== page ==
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Protestant Autobiography in the Seventeenth-Century Anglophone World$
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Kathleen Lynch

Print publication date: 2012

Print ISBN-13: 9780199643936

Published to Oxford Scholarship Online: May 2012

DOI: 10.1093/acprof:oso/9780199643936.001.0001

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PRINTED FROM OXFORD SCHOLARSHIP ONLINE (oxford.universitypressscholarship.com). (c) Copyright Oxford University Press, 2021. All Rights Reserved. An individual user may print out a PDF of a single chapter of a monograph in OSO for personal use. date: 14 May 2021

Beyond the lives of particular men

Beyond the lives of particular men

(p.233) 5 Beyond the lives of particular men
Protestant Autobiography in the Seventeenth-Century Anglophone World

Kathleen Lynch

Oxford University Press

Richard Baxter’s Reliquiae Baxterianae was published posthumously. As edited by Matthew Sylvester and Edward Calamy, it became an important model for history writing from an eyewitness perspective in the early eighteenth century. Baxter failed to achieve religious comprehension, but as one of the cornerstones of the collection of Dr. Williams’s Library in London, his manuscripts were a unifying factor for a nonconformist community that achieved toleration after the abdication of James II. Reliquiae Baxterianae is best understood as a refusal to identify a single determinative moment of change in a life. Baxter was labeled a political and religious extremist by Sir Roger L’Estrange, for A Holy Commonwealth (1659) which seemed to celebrate Richard Cromwell’s Protectorate. Baxter’s printed repudiation of this work stands as a singular event in his long public life and prolific writings, many published by Nevill Simmons. It is the axis around which his copious autobiographical materials revolve.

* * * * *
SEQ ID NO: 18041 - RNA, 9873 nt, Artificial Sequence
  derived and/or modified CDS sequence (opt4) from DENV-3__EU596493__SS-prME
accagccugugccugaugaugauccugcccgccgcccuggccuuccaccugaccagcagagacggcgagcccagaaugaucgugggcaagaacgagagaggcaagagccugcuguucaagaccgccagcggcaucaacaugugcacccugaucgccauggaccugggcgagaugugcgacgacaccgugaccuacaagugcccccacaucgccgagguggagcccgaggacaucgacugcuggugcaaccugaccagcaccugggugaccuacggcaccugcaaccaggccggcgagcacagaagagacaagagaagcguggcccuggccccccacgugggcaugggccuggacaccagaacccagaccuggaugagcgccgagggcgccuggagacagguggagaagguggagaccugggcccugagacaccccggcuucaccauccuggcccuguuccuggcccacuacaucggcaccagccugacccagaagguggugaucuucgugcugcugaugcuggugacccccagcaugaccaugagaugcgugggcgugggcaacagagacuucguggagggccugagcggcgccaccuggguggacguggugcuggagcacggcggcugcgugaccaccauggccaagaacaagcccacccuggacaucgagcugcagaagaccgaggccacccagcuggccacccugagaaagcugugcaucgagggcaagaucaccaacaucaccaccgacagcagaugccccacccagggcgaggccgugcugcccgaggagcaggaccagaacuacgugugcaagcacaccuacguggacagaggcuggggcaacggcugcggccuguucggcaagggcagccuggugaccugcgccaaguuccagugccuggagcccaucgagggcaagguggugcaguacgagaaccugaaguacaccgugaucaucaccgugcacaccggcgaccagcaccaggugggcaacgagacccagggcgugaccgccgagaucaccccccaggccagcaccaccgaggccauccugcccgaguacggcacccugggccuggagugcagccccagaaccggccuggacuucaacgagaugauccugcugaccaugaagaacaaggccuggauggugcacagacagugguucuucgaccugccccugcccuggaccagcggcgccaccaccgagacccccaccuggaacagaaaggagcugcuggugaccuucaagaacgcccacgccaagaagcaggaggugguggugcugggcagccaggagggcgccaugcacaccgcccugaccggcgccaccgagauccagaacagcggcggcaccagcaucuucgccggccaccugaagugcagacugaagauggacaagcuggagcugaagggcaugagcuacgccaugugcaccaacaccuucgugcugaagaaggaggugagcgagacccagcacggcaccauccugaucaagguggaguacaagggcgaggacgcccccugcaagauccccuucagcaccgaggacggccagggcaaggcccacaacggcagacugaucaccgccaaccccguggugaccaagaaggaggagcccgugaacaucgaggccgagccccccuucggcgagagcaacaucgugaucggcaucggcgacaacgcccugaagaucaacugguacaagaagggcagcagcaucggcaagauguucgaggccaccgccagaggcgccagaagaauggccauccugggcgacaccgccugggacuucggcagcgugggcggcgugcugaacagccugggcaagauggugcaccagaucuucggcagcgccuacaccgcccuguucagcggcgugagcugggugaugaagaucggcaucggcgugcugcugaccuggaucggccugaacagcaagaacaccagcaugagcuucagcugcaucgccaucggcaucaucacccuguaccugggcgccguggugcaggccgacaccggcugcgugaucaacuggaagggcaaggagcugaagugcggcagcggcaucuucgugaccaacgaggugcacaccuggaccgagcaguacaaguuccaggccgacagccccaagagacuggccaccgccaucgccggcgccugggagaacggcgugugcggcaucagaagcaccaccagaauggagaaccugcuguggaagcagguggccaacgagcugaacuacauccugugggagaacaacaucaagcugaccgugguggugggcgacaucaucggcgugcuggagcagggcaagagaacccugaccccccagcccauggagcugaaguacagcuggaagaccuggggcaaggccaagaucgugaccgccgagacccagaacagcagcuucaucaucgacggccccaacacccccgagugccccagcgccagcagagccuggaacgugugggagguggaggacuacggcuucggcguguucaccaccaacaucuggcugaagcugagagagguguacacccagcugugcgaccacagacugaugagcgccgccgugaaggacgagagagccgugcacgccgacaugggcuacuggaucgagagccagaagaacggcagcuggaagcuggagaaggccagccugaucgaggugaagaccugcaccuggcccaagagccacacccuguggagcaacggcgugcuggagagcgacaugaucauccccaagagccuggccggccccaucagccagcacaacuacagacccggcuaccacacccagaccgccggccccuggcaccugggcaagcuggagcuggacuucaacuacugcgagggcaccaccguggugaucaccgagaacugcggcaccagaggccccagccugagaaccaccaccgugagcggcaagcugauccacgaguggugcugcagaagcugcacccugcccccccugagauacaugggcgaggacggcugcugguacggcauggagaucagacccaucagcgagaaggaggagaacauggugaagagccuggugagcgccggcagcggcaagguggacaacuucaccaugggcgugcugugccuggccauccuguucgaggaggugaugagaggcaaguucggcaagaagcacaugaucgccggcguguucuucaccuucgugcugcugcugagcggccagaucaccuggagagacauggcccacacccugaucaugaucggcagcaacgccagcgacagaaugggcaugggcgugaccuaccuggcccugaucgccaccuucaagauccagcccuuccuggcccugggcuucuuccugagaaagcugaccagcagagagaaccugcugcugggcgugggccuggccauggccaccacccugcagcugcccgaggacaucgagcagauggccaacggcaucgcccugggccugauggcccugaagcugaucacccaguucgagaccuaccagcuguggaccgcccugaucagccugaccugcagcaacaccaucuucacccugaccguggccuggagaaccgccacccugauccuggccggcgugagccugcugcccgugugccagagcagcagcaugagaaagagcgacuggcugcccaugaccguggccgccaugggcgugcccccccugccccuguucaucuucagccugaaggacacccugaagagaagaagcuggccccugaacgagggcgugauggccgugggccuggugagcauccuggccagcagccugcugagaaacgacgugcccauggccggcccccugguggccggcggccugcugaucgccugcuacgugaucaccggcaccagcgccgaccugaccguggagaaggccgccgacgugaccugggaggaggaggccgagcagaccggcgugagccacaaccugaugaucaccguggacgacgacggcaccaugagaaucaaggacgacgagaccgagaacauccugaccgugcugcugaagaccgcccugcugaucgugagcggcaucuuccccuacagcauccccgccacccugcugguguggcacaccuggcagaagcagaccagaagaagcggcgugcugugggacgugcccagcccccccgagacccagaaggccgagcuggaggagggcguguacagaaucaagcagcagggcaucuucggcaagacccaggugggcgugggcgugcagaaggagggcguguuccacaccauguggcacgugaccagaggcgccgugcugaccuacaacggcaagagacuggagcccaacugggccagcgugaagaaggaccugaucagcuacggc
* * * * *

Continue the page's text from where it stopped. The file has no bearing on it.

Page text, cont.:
Keywords:   Richard Baxter, Reliquiae Baxterianae, A Holy Commonwealth, Dr. Williams’s Library, Sir Roger L’Estrange, Nevill Simmons, religious comprehension, toleration

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